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    Bear in mind you don’t need to keep track in memory of all the device:inode pairs for every file seen, unless you have an unusual situation: you just need to look at the link-count of regular files and keep track for those with a link-count greater than 1. So it’s “usually fine”, unless you have people hard-linking entire trees.

    In an era with bind/loopback mounts, that’s much less likely to be encountered.

    Honestly, the bigger issue will be if you’re trying to rsync across a unified presentation view of the filesystem, where the same underlying FS is bind/loopback-mounted into multiple locations: you’ll no longer have the same information available to detect that this has happened, and the device numbers will be different so existing deduplication will fail. It might mean needing rsync to be aware of OS-specific bind/loopback mechanisms and how they present, and then both unifying/normalizing device numbers and ignoring the link-count and instead tracking every inode encountered.

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      Maybe bind mounts should increment the reported hardlink count of all inodes in both themselves and the filesystem they’re duplicating. (Of course I realise the futility of “maybe everyone should change everything everywhere because of this tiny detail that comes up rarely” :) )

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        If you stat each directory, then you can tell when you’re crossing a mount point (the device changes between the parent and subdirectory). That gives you a place to look for aliased filesystems. With FreeBSD nullfs mounts, the inode numbers are unchanged, but the device node is different for each mount, I believe the same is true for bind mounts on Linux. This means that you need to do something OS-specific to parse the mount table and understand the remapping.

        It would be nice if stat could be extended to provide an ‘underlying device’ device node field, so that you could differentiate between the device providing the mapping and the raw filesystem. That would be simpler than incrementing the link count because only nullfs and similar things would need to be modified to provide anything other than the default value for this field.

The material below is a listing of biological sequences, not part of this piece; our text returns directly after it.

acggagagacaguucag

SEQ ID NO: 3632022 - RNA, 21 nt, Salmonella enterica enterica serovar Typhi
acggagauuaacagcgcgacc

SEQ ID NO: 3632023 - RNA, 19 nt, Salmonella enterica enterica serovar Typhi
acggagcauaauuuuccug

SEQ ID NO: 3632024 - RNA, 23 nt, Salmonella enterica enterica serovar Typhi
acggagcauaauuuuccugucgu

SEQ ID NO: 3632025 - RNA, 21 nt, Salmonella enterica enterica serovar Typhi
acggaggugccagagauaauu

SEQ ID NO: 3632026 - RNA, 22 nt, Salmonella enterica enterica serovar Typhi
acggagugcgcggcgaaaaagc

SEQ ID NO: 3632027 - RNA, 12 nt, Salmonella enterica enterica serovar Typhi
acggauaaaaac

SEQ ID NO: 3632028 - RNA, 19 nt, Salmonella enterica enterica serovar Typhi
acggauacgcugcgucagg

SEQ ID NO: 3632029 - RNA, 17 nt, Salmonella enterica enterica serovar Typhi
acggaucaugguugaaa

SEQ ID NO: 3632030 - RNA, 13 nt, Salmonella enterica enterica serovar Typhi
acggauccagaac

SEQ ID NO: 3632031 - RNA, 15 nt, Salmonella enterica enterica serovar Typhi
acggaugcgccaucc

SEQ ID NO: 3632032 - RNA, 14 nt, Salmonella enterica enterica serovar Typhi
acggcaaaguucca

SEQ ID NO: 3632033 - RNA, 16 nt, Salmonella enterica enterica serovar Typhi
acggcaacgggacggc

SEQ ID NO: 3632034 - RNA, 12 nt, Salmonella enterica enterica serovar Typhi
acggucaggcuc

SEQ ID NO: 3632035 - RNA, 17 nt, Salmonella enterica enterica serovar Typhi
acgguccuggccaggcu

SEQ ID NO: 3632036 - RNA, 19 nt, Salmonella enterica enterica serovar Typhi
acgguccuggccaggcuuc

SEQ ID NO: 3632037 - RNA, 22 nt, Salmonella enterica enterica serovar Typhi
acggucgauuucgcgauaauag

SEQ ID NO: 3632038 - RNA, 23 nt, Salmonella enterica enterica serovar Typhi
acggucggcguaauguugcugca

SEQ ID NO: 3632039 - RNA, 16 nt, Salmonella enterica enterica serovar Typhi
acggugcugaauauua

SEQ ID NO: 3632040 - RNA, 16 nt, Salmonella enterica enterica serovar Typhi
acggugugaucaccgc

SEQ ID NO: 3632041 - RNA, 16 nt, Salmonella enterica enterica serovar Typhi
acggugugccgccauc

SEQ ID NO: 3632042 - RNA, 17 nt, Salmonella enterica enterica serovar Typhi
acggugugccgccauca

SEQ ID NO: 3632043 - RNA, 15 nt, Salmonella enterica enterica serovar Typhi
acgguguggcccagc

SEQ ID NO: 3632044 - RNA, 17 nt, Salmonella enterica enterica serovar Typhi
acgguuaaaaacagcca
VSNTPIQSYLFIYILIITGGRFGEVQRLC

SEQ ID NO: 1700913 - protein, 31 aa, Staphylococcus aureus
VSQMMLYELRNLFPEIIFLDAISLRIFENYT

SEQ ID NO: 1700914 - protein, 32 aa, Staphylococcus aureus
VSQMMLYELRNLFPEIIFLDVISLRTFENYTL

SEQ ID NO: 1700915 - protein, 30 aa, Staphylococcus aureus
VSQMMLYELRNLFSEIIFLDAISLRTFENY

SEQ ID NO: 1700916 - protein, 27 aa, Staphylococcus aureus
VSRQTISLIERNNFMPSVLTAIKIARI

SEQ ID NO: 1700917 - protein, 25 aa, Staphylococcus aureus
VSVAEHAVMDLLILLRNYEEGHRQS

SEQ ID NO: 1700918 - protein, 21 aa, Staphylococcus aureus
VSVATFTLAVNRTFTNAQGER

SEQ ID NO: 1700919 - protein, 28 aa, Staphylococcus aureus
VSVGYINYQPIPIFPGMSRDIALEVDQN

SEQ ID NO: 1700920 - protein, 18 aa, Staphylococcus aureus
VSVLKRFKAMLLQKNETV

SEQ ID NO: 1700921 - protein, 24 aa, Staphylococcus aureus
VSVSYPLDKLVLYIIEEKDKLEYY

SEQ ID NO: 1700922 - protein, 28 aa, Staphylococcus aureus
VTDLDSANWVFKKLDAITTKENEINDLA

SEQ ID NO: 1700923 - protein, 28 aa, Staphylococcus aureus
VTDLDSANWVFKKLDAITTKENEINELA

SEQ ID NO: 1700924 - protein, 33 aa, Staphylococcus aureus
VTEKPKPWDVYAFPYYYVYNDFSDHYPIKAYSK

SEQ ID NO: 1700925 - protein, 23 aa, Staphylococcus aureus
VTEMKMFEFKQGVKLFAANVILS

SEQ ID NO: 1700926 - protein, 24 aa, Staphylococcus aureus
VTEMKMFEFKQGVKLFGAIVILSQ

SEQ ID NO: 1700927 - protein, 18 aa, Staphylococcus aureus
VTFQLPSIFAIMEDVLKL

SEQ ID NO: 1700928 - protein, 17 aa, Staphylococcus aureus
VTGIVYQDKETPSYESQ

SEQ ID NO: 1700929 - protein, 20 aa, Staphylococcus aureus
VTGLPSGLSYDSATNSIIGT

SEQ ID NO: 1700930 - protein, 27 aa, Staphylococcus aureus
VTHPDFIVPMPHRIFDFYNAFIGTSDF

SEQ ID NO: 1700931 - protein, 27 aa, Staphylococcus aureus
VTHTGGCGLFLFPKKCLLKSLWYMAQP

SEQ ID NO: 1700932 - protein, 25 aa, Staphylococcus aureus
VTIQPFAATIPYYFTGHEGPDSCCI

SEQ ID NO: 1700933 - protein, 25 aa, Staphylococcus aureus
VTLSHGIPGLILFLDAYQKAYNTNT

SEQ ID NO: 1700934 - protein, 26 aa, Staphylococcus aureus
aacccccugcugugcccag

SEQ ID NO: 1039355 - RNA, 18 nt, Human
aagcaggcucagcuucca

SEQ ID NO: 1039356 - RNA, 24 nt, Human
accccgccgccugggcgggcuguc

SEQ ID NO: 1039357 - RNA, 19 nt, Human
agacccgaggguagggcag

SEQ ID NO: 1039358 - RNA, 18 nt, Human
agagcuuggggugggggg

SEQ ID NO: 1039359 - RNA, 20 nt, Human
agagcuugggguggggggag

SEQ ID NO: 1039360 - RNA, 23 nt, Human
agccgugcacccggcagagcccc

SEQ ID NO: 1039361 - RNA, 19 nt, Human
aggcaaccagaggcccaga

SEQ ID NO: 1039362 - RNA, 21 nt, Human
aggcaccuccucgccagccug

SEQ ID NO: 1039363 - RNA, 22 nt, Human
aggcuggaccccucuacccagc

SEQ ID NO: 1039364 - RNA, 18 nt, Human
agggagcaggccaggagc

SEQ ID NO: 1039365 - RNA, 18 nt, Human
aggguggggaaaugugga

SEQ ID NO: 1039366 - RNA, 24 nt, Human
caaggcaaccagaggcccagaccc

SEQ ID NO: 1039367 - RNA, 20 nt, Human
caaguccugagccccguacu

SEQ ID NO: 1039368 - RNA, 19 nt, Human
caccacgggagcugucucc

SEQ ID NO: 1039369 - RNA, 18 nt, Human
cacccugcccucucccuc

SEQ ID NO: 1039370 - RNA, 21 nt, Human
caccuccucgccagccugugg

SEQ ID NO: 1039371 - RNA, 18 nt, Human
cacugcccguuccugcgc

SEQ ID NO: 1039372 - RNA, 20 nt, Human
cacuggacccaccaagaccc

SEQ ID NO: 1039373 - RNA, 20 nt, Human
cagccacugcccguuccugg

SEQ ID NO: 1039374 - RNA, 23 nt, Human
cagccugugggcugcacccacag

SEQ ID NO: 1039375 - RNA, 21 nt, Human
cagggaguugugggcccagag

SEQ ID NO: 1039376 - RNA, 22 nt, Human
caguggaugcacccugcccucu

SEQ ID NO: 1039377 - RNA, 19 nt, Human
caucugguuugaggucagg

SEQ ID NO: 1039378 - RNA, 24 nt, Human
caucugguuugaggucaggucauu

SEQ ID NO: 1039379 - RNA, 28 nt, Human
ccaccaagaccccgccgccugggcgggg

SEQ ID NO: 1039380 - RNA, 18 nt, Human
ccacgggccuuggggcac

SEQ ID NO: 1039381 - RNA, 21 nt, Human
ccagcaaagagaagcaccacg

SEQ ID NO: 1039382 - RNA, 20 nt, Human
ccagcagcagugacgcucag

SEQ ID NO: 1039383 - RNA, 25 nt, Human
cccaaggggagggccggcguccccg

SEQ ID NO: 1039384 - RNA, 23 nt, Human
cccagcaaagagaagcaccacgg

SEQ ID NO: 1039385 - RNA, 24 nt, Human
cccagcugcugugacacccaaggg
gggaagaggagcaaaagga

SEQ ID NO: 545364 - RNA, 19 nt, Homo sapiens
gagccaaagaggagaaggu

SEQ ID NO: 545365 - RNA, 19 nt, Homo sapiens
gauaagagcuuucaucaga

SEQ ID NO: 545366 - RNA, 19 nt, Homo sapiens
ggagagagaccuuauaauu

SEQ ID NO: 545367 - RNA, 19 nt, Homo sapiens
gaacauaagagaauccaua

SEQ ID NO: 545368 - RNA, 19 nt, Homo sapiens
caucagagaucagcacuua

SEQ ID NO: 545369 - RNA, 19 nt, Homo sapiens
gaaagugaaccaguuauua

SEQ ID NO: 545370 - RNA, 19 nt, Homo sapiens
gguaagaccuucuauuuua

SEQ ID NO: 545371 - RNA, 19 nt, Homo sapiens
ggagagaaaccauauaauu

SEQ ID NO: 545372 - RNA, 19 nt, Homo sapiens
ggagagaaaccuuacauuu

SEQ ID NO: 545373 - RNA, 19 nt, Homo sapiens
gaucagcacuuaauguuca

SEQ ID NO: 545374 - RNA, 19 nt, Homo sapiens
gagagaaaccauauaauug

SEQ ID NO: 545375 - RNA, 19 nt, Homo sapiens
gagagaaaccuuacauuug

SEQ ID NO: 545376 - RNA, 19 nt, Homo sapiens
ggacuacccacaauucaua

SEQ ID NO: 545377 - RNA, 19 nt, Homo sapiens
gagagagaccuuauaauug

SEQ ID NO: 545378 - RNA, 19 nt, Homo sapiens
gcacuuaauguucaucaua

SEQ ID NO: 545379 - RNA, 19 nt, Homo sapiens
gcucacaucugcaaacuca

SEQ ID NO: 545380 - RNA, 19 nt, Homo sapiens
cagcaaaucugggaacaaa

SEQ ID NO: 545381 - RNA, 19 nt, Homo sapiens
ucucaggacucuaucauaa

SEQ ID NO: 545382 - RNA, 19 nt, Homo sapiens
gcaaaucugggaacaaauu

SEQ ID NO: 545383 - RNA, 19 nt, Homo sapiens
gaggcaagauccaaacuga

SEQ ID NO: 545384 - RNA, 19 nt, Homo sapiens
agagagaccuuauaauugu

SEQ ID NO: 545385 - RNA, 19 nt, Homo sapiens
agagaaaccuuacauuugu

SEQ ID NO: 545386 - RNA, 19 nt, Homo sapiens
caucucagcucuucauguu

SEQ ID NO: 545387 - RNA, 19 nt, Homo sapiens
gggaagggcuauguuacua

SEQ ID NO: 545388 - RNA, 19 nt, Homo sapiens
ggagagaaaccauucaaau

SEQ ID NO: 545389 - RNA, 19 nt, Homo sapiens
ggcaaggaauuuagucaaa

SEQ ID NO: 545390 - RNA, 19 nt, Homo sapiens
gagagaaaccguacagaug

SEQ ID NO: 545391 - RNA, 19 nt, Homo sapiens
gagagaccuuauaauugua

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      Ah, hardlinks… A decade and a half ago I worked for a company that ran multiple photo-related sites where people could upload photos, and manage albums. On one of them photos were stored on a giant file system. New joiners would get a copy of a demo account’s sample album of photos they could play with. (To facilitate demoing its red-eye removal feature, etc.) For reasons lost in the annals of time this copying was done using hardlinks, and every so often new signups would fail—when we hit the file system’s max limit of 65,000 or so hardlinks for a single file. The solution? Log into the demo account and re-upload the sample album… 😂😭

      I remember that rsync in particular did not like this file system—nor did du and a host of other tools. The hardlink mechanism was an utter pain to deal with, particularly around backups. We had big and expensive hardware (for the time) to keep all files in a single file system, because splitting it across multiple disks would break the hardlinks and use much more space.

      For a separate photo-related project at the same company my team developed an image store that used a database (instead of hardlinks) to facilitate cheap copies, and would store a configurable number of redundant copies over separate file systems. Sadly we were all made redundant before we could use it to fix the original problem site.